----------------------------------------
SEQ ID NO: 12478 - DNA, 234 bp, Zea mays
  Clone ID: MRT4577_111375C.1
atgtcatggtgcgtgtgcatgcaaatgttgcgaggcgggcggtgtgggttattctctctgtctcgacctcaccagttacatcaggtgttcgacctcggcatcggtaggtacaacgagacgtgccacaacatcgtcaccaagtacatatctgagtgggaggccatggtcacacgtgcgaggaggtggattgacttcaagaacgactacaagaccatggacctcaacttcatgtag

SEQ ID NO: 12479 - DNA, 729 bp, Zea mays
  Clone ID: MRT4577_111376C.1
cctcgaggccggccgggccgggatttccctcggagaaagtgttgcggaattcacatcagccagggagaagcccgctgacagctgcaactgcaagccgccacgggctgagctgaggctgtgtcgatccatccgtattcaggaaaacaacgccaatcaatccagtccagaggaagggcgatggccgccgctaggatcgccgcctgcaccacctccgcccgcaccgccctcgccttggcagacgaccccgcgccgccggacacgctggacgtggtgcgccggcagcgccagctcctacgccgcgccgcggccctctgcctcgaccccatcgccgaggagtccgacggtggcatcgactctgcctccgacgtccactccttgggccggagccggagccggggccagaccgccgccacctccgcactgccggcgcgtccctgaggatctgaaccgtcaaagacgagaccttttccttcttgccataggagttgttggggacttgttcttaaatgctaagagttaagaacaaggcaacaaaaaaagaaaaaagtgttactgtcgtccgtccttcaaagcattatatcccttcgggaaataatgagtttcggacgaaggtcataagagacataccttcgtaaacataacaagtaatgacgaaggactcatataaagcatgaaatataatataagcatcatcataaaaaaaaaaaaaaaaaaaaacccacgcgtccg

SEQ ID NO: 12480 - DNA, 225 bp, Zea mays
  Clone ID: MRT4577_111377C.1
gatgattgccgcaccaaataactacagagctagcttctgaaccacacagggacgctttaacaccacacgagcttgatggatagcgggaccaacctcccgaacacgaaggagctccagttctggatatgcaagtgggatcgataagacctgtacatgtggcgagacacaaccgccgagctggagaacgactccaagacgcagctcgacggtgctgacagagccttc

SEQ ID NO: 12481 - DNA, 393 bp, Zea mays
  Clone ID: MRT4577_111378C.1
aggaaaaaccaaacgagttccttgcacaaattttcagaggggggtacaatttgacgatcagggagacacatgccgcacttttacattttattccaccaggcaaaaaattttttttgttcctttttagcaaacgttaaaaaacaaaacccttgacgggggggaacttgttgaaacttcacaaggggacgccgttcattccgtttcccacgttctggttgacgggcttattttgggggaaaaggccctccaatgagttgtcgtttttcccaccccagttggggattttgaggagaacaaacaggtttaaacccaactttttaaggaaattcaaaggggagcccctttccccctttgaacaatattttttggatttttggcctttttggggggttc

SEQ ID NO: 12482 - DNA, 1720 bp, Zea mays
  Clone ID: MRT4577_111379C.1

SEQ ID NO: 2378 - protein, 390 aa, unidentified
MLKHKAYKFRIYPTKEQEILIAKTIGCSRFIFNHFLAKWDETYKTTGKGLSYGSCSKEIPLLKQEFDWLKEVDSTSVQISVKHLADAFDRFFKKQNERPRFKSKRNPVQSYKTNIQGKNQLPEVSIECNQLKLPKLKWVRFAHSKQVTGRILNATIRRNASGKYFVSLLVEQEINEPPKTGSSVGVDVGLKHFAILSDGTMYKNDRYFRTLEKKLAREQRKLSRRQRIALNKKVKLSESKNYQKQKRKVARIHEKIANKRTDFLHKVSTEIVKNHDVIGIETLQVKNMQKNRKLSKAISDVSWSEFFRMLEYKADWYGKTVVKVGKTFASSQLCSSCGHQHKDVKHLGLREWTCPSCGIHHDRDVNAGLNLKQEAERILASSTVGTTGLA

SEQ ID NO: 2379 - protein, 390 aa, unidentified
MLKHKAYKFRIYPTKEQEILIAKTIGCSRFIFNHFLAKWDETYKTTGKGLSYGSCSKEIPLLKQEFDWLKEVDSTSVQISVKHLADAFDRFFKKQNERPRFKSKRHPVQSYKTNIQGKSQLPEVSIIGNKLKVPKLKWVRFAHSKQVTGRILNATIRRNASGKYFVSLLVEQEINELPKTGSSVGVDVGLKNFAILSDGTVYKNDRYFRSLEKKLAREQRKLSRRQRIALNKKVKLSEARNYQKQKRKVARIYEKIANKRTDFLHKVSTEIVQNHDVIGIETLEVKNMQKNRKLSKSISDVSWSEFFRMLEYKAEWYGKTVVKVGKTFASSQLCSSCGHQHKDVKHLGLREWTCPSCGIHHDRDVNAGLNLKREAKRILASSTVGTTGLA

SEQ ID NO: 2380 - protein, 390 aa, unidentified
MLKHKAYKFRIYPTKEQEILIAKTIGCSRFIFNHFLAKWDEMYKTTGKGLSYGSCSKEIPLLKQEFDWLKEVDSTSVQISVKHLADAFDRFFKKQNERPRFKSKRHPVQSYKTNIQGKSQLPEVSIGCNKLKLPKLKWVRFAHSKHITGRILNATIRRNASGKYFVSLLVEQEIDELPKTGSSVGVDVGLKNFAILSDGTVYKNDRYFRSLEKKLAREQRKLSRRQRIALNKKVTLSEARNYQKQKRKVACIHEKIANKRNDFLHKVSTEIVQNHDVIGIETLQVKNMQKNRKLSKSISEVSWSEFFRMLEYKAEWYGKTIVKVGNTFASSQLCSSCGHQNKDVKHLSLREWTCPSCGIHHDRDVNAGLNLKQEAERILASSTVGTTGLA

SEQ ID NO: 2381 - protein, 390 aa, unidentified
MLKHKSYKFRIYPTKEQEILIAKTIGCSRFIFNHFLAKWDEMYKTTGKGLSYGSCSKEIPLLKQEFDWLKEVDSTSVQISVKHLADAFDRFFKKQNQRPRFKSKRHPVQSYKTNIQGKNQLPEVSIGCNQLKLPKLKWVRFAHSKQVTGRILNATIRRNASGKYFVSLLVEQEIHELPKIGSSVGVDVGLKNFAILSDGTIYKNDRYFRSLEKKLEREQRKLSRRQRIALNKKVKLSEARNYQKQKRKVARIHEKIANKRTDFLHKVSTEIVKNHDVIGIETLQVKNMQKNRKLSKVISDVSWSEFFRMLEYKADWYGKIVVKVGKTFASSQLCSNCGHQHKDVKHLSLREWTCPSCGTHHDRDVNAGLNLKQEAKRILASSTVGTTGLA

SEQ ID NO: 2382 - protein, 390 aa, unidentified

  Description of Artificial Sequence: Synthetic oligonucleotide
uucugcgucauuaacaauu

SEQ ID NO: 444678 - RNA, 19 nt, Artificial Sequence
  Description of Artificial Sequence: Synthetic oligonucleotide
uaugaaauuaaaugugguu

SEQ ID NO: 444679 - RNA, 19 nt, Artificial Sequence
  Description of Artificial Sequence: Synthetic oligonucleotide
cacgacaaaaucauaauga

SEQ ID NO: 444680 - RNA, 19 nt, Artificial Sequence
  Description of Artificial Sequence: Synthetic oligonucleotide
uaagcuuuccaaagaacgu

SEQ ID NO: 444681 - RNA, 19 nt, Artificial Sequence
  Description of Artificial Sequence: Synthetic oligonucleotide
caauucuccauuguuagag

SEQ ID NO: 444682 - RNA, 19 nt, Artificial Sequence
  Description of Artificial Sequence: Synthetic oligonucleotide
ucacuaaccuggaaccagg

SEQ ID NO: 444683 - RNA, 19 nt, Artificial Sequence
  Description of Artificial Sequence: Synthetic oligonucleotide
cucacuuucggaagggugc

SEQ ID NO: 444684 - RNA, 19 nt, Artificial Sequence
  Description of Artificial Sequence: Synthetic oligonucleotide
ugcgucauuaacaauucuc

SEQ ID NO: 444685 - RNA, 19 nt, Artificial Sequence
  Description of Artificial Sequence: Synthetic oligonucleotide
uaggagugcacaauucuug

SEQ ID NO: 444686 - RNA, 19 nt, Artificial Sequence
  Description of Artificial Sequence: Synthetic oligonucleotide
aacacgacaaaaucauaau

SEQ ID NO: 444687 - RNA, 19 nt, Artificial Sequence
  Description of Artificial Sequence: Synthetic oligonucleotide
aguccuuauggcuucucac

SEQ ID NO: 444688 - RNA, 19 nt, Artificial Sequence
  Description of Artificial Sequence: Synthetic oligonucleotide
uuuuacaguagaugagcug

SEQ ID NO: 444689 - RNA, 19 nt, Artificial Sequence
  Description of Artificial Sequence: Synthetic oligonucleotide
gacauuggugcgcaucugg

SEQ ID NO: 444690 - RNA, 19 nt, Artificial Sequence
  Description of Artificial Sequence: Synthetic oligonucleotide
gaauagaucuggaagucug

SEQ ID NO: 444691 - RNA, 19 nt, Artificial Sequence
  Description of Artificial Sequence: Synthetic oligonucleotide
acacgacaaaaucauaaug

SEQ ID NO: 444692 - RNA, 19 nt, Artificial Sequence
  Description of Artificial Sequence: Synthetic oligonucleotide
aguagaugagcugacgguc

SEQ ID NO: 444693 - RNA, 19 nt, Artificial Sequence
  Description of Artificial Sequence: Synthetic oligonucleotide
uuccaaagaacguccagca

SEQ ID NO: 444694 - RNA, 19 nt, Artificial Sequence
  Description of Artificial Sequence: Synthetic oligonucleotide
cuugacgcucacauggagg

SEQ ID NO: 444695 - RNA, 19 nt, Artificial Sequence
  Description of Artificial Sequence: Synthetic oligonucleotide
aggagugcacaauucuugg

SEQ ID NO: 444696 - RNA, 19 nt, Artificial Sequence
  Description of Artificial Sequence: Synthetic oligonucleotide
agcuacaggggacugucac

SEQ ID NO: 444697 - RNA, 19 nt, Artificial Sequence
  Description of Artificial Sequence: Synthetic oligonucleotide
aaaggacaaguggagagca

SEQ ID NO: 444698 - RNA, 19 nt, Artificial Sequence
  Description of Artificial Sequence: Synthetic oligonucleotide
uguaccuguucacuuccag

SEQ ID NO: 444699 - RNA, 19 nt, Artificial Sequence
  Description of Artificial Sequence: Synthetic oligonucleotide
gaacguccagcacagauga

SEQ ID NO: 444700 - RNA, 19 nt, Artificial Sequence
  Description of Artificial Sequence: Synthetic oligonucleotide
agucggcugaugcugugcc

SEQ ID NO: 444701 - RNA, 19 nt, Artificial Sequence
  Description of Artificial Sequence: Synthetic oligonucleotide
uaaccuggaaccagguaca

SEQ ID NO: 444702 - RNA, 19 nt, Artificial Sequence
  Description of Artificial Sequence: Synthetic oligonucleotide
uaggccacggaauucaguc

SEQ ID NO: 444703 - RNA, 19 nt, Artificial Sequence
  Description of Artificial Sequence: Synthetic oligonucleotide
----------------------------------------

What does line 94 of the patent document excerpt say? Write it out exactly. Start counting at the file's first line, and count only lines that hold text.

agucggcugaugcugugcc